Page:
At Modern Luxury, connection and community define who we are. We use cookies to improve the Modern Luxury experience - to personalize content and ads, to provide social media features and to analyze our traffic. We also may share information about your use of our site with our social media, advertising and analytics partners. We take your privacy seriously and want you to be aware that we have recently made changes to our Privacy Policy, which can be found here.

I AGREE
    
Share

Unleashed

BY Carita Rizzo | February 24, 2017 | Feature Features National

With her first essay collection out this spring, a recent Golden Globe nomination and a too-close-to-home role, Lily Collins breaks free.
Dress, $4,880, Lanvin, South Coast Plaza

Usually the words “celebrity” and “unfiltered” indicate a series of explicit photos, the involvement of a tabloid magazine and a juicy exposé. Not for Lily Collins. The 27-year-old (turning 28 on March 18) English-American actress’ first book, Unfiltered: No Shame, No Regrets, Just Me. ($14, Harper Collins), which releases March 7, is an honest look at the person behind the public persona and the glamour of the silver screen. But those salivating at the thought of behind-the-scenes gossip may want to simmer down. This is not a tell-all. In her debut essay collection, the actress pens a poignant, honest conversation about things young women struggle with, including body image, self-confidence and relationships. Nevertheless, Collins has jitters. “I’m anxious,” admits the petite actress, looking impeccable in black Paige jeans, Stuart Weitzman suede boots and a loose white Tularosa top.

Her nerves are understandable. The last time we chatted with Collins about her award-nominated turn in Warren Beatty’s Rules Don’t Apply, she said: “Keep private whatever you hold dear,” a reasonable mantra in a celebrity-obsessed world where privacy is hard to come by. Now, she’s about to willingly open the door to some of her deepest secrets, from her yearslong battle with eating disorders to an emotionally abusive relationship.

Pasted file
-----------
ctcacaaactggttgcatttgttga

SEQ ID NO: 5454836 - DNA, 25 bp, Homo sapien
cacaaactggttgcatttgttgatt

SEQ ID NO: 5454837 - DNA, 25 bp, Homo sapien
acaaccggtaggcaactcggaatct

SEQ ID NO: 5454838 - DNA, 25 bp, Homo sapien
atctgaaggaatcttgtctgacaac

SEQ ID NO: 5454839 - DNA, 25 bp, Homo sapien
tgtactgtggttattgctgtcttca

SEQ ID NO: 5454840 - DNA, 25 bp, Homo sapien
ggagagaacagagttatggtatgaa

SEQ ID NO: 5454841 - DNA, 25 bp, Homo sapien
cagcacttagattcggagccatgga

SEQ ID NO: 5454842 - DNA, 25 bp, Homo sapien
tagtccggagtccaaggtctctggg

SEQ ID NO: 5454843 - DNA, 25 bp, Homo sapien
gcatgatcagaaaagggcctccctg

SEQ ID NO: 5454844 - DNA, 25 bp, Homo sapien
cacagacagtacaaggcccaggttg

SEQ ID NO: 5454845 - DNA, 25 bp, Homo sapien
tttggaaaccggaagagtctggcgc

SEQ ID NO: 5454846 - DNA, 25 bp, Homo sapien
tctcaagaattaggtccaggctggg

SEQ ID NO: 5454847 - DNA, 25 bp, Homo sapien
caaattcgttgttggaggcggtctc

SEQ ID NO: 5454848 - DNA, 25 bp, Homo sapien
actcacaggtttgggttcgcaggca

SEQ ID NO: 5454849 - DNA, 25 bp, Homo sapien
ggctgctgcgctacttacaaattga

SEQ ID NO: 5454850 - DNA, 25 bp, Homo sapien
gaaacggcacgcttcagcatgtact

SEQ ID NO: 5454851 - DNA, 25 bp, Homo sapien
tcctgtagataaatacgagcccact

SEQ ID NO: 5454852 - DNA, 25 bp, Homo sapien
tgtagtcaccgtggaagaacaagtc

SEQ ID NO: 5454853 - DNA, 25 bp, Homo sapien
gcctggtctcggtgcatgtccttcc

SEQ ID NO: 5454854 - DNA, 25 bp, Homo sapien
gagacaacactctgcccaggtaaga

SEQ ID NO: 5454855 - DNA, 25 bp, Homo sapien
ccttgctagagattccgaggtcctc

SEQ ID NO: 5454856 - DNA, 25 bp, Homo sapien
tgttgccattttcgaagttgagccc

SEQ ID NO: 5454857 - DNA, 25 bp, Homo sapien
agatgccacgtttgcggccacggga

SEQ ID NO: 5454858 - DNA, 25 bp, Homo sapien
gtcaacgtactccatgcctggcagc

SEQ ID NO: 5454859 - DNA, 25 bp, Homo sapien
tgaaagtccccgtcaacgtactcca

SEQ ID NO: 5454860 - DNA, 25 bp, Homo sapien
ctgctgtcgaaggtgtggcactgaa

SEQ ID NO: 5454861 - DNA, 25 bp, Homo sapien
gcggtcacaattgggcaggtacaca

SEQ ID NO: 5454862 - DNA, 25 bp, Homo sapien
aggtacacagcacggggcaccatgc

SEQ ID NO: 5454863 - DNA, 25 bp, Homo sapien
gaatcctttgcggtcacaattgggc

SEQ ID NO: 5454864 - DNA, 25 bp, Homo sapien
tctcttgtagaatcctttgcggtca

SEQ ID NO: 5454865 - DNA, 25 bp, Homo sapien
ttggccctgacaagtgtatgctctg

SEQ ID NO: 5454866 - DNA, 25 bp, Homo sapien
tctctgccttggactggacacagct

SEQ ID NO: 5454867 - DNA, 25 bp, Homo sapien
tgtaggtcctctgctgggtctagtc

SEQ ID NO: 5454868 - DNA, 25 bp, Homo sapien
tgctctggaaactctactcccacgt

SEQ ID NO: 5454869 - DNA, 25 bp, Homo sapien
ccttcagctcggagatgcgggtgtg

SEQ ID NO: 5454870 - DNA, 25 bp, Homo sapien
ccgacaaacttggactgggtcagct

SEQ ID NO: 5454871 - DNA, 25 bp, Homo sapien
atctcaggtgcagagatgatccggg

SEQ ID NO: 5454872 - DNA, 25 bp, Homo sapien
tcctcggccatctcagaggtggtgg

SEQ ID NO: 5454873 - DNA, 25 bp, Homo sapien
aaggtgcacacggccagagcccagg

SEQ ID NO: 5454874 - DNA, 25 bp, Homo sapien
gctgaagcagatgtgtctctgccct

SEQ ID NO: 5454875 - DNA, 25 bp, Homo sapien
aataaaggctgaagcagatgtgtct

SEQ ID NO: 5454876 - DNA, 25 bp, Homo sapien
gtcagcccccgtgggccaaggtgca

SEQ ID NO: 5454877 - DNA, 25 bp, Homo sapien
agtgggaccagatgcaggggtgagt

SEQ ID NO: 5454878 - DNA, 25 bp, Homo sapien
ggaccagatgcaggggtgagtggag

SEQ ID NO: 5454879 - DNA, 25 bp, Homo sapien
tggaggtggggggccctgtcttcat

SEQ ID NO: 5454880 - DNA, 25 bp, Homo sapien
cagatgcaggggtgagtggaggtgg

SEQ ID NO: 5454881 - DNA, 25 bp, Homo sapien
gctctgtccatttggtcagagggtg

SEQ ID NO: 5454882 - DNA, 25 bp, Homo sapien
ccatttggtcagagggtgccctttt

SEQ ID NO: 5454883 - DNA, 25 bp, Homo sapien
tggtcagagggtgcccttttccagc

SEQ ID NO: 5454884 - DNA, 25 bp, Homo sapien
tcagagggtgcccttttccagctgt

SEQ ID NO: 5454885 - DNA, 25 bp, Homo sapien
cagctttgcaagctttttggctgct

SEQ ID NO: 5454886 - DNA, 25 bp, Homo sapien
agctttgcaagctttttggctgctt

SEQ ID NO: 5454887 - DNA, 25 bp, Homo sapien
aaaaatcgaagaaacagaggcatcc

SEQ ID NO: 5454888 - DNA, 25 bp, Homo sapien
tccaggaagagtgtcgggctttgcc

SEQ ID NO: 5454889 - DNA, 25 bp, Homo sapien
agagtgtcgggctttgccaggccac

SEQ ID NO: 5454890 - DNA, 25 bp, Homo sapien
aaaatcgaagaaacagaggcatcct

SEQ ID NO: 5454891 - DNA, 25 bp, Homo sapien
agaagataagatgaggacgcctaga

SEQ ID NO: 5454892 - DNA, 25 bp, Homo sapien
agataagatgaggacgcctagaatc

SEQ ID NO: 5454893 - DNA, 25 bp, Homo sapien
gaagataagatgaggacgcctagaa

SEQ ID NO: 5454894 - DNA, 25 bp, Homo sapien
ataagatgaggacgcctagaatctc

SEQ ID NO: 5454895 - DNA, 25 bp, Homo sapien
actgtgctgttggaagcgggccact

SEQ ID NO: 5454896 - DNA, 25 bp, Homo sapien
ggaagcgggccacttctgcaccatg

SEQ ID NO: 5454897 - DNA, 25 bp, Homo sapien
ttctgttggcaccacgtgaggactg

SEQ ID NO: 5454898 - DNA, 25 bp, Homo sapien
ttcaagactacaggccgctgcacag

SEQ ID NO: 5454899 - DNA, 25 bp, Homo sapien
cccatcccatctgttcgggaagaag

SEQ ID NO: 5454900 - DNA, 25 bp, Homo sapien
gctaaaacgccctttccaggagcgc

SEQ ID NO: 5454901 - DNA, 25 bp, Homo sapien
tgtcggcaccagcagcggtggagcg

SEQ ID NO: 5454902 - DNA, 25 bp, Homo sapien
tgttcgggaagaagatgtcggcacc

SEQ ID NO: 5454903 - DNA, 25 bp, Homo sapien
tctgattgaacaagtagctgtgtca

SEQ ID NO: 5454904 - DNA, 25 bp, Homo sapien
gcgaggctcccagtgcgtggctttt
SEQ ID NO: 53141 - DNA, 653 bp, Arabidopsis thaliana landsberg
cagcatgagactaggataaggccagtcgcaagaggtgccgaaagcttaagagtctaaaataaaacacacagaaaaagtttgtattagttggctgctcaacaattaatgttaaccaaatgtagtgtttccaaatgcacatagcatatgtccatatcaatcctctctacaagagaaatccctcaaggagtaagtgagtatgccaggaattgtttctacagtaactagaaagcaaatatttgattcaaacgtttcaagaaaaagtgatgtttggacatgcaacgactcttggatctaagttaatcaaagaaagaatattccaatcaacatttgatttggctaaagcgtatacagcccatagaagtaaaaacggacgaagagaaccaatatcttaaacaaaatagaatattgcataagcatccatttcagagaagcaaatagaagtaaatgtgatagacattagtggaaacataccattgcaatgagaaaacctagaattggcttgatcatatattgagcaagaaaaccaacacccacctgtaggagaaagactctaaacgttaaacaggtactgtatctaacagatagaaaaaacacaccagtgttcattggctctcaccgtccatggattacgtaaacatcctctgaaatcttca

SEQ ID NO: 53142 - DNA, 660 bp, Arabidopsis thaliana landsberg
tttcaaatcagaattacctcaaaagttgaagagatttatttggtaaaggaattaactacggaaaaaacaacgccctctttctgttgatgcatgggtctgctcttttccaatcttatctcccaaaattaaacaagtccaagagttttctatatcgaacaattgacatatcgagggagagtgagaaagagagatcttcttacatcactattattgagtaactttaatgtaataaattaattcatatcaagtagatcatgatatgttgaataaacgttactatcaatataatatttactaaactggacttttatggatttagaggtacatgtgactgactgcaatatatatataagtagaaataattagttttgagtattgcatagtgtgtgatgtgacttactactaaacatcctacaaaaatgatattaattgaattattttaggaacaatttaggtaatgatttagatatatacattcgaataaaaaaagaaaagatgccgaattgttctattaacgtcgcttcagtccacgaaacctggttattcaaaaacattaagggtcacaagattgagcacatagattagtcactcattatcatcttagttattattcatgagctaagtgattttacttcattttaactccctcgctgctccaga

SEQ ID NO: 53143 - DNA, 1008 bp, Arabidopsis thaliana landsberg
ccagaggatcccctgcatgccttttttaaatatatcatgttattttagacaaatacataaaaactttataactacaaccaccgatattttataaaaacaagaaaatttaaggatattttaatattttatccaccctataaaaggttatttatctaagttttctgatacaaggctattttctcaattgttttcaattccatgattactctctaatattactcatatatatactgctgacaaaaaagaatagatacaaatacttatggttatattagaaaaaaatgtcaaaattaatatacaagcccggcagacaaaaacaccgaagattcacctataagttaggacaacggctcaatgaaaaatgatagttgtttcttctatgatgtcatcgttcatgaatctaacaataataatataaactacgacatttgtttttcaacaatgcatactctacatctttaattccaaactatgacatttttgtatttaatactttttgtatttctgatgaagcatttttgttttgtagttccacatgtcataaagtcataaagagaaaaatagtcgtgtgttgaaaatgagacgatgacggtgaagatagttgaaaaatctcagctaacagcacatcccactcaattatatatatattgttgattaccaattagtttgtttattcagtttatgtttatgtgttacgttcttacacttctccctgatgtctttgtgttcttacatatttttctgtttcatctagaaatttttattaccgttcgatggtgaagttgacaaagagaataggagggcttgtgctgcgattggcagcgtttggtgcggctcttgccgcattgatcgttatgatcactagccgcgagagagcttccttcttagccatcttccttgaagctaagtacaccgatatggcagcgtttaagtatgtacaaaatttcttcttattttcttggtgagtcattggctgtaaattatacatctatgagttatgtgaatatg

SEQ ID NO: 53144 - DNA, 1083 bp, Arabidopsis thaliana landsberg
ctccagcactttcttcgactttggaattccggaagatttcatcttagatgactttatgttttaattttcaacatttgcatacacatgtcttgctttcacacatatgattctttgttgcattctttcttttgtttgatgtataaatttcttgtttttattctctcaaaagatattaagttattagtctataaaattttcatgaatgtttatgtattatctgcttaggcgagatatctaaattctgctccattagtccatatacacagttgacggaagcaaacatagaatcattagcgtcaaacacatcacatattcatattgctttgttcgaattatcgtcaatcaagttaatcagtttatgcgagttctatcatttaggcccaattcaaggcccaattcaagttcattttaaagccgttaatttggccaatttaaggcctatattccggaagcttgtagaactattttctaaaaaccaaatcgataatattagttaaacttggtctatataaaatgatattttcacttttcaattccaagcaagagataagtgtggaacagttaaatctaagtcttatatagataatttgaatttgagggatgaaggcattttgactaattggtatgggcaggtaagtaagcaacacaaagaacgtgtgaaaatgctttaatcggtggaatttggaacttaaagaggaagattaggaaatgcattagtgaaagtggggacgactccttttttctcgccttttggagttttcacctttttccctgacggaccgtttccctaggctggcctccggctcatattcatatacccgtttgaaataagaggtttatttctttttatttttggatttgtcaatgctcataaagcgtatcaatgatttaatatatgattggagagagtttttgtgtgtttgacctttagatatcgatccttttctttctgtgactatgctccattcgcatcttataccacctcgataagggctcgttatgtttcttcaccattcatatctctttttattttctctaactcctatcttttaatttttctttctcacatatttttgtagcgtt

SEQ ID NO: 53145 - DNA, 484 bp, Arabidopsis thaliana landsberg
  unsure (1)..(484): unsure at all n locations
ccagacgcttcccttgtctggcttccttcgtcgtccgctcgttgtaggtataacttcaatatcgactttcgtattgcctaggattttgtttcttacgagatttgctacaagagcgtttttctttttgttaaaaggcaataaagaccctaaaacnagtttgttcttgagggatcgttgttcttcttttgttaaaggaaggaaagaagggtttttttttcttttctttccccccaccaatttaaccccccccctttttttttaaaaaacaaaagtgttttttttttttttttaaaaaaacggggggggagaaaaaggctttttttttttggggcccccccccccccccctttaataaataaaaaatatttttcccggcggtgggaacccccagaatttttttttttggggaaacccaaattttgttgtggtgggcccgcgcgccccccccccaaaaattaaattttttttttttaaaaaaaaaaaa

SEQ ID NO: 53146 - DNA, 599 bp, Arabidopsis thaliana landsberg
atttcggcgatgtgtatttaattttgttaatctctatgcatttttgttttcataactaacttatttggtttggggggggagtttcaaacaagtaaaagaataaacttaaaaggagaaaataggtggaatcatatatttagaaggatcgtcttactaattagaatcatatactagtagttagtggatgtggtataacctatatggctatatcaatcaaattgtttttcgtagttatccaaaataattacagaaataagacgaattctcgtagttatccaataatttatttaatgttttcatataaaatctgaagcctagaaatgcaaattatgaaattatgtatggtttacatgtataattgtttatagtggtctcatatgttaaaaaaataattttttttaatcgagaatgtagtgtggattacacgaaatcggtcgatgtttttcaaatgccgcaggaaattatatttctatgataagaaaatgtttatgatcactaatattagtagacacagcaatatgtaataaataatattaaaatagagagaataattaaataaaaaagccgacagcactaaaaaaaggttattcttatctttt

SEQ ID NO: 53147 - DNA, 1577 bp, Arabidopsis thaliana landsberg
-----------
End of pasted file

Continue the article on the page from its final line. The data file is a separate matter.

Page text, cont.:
“I still believe that,” she says, when reminded of her mantra. “But these are things that I felt I wanted to put out there. Not necessarily so people know that I experienced them, but to create, hopefully, a space for more open conversation about the topics I discuss.” And some things are still off limits: “When I talk about relationships, I don’t reveal any details about it or names because that is not important. That was not the point of why I was going there.”

Collins’ life has certainly appeared charmed from its inception. The daughter of English musician Phil Collins and American Jill Tavelman was born in England and moved to Los Angeles at the age of 6. Collins has always been a self-starter. She cold-called magazine editors as a teenager, which landed her a column in ELLE Girl UK, and initially pursued a career in broadcast journalism before her role in The Blind Side took her on a different path. Leading roles in Mirror Mirror; Love, Rosie; and The Mortal Instruments: City of Bones followed, but it is in the past year or so that Collins’ career has really hit its stride, with Rules Don’t Apply (for which she received a Golden Globe nomination); the upcoming Amazon series The Last Tycoon, based on F. Scott Fitzgerald’s last book about 1930s Hollywood; the Netflix original film Okja, in which she stars alongside Jake Gyllenhaal and Tilda Swinton; and To the Bone, which premiered in January at Sundance to rave reviews and was purchased by Netflix for $8 million. Even her colleagues can’t stop gushing over her. “She’s very much in charge of her life and her professional life in a way that I think is really admirable,” says her Rules Don’t Apply co-star Annette Bening, who refers to Collins as a “badass” who “has her sh*t together.”

Photography Courtesy Of: